Can you imagine ovulating at age 58? Of course my mother has me beat at 63!

Michigan Jan

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Hi, I will be 51 in a couple of weeks and mine also has gotten worse with age, Dr. Grubb recommended a couple of years ago taking prempro. I am on a low dose and they plan on keeping me on it for a few more years only to try and help my horomones stablize so the Pots symptons and all that goes with it do not get worse. It has helped some I am sure. Just really don't like having more problems as I get older. All you can do is try and make the best of each day...somedays all I want to do is sleep. That is the one thing that is the hardest right now i can't imagine what it would feel like to have energy again. Sorry I couldn't right that it gets better with age. I am like the others can't imagine why someone would say that. Hang in there...Becki

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Boy this is kinda depressing!! my cardio doc who first diagnosed me with pots.. told me that you dont really see alot of women over the age of 50 w/pots.. I think maybe he was trying to cheer me up???...

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The Vanderbilt Autonomic Dysfunction Center has begun studying the effect of estrogen on orthostatic intolerance. I don't know if they have much information to share yet but following is their research topic and the link to their website.

Hormonal influences on autonomic function

A recent addition to our research endeavors is investigation into the role of reproductive hormones, estrogen in particular, in the onset and persistence of symptoms experienced by patients diagnosed with orthostatic intolerance. Women of child-bearing age are the primary patient population of this disorder, outnumbering men 6:1. While the preponderance of women suggests a link with estrogen, and it is well recognized that estrogen has broad ranging effects in the cardiovascular, central and peripheral nervous systems, little information is currently available linking this hormone to the pathophysiology of orthostatic intolerance. A focus of future research, therefore, is to determine whether there is a cyclical pattern to the symptoms of orthostatic intolerance in women, to determine whether there is an imbalance in the hypothalamic-pituitary-ovarian axis that could affect autonomic function, and to investigate the role of estrogen in autonomic regulation of heart rate and blood pressure in patients and normal controls.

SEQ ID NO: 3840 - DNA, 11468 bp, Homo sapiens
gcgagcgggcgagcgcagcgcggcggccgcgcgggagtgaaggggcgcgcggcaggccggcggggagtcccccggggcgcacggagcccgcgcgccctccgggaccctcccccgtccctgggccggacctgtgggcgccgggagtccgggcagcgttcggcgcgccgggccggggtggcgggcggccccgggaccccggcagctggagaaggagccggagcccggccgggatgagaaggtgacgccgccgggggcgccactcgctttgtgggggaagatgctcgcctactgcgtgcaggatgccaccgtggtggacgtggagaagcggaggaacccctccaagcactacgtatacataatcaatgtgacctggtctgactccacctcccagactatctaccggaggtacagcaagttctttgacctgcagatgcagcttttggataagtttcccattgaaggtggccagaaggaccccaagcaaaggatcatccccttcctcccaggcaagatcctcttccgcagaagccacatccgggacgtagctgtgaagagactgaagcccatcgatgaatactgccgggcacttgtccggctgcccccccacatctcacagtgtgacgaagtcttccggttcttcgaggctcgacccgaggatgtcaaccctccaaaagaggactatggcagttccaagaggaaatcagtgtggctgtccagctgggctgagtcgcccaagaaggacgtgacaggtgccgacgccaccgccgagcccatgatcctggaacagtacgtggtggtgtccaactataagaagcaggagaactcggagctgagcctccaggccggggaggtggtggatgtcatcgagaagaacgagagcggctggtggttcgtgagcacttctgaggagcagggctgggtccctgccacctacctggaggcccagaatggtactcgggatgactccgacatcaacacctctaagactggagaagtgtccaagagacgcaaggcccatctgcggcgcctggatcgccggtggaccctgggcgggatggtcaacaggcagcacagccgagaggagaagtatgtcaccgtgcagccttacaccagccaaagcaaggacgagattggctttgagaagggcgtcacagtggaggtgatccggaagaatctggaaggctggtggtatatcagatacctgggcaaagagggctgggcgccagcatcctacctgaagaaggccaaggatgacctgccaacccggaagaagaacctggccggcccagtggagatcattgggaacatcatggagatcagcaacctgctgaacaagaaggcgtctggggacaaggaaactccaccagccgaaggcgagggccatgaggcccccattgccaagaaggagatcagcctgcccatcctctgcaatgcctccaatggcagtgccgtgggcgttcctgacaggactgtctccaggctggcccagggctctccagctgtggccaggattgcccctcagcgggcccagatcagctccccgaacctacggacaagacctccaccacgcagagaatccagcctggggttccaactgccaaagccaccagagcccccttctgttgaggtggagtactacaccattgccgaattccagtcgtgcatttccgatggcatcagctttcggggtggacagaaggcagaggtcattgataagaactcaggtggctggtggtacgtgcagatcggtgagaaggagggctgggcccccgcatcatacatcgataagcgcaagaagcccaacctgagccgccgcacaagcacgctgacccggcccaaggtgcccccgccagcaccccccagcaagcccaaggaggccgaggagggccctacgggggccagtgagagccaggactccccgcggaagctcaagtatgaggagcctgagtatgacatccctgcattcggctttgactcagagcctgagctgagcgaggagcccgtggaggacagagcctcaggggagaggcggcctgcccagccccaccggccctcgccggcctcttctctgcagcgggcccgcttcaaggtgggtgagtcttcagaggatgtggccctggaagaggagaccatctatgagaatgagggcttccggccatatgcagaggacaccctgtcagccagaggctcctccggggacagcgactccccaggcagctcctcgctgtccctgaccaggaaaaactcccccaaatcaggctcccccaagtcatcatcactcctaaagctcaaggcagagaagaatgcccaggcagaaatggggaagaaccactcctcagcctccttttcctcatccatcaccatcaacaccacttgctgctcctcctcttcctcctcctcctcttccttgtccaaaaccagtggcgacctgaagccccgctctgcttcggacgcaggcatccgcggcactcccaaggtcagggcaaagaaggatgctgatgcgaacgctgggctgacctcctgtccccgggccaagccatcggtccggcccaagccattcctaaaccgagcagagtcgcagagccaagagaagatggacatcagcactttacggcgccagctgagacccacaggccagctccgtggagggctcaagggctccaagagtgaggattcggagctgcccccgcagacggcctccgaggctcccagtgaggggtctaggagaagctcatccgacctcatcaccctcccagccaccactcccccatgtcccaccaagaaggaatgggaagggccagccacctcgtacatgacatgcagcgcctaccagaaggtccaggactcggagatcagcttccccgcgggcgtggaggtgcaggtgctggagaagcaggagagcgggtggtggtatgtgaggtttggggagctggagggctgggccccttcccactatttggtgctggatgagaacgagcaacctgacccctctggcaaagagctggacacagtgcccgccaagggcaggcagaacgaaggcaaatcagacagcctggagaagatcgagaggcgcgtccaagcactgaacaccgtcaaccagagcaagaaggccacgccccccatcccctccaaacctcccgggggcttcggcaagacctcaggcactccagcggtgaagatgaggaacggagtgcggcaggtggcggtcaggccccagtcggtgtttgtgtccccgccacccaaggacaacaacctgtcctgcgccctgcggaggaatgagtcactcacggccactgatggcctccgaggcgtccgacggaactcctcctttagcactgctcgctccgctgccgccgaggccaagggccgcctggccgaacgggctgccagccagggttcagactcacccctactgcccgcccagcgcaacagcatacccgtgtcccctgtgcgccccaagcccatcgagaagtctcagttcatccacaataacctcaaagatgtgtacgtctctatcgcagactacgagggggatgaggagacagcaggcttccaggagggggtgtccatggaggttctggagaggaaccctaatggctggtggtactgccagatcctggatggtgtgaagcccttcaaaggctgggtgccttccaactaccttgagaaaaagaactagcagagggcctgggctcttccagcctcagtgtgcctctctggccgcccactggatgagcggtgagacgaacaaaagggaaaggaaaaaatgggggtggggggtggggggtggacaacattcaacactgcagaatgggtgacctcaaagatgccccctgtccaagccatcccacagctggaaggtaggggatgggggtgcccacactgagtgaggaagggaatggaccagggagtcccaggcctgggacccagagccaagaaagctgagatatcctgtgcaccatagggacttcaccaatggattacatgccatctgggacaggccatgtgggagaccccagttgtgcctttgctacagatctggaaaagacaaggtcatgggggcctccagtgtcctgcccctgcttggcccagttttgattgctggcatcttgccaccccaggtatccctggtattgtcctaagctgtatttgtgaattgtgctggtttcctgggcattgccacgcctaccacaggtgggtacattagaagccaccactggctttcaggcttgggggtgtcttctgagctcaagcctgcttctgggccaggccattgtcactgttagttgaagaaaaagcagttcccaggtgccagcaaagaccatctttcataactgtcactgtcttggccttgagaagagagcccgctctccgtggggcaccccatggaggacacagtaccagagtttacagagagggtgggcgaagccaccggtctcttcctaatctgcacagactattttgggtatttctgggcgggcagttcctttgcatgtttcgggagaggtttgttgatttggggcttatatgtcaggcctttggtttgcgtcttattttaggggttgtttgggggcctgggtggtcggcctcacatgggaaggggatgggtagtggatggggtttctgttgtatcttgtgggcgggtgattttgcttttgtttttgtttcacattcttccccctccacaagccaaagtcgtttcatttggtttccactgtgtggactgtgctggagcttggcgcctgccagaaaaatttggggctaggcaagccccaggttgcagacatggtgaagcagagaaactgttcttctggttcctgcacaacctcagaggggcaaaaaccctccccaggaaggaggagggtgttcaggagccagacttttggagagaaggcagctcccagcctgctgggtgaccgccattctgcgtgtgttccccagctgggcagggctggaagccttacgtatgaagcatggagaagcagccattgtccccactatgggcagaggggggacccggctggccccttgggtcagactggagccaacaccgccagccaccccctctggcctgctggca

http://www.mc.vanderbilt.edu/root/vumc.php?site=adc&doc=4784

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I don?t want this thread to unnecessarily discourage or depress anyone. There is little understood about the long-term outlook for POTS?is my understanding. But there is reason for hope.

My POTS specialist continues to maintain that MOST people diagnosed with it improve to a functional level?the average time for ?recovery? being four years. Some people do not improve, nor are helped by the various meds currently used to treat POTS. Many people, even those who improve to a functional level, have relapses?which can be associated with surgery or menopause or other things. He said to expect my symptoms to flare with menopause.

Perhaps he is giving me false hope, but I want to believe he is accurately describing his observations and understanding of the literature.

Katherine

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I was 53 and just starting menopause when I had the flu shot that kicked off my autonomic neuropathy/POTS. I`m 5 years into it now and still very symptomatic but better than I was ...with me there was an improvement after the first 2 year mark but none since . I suspect this is how I will be the rest of my life . Going through menopause didnt really add significantly to my symptoms.

Margaret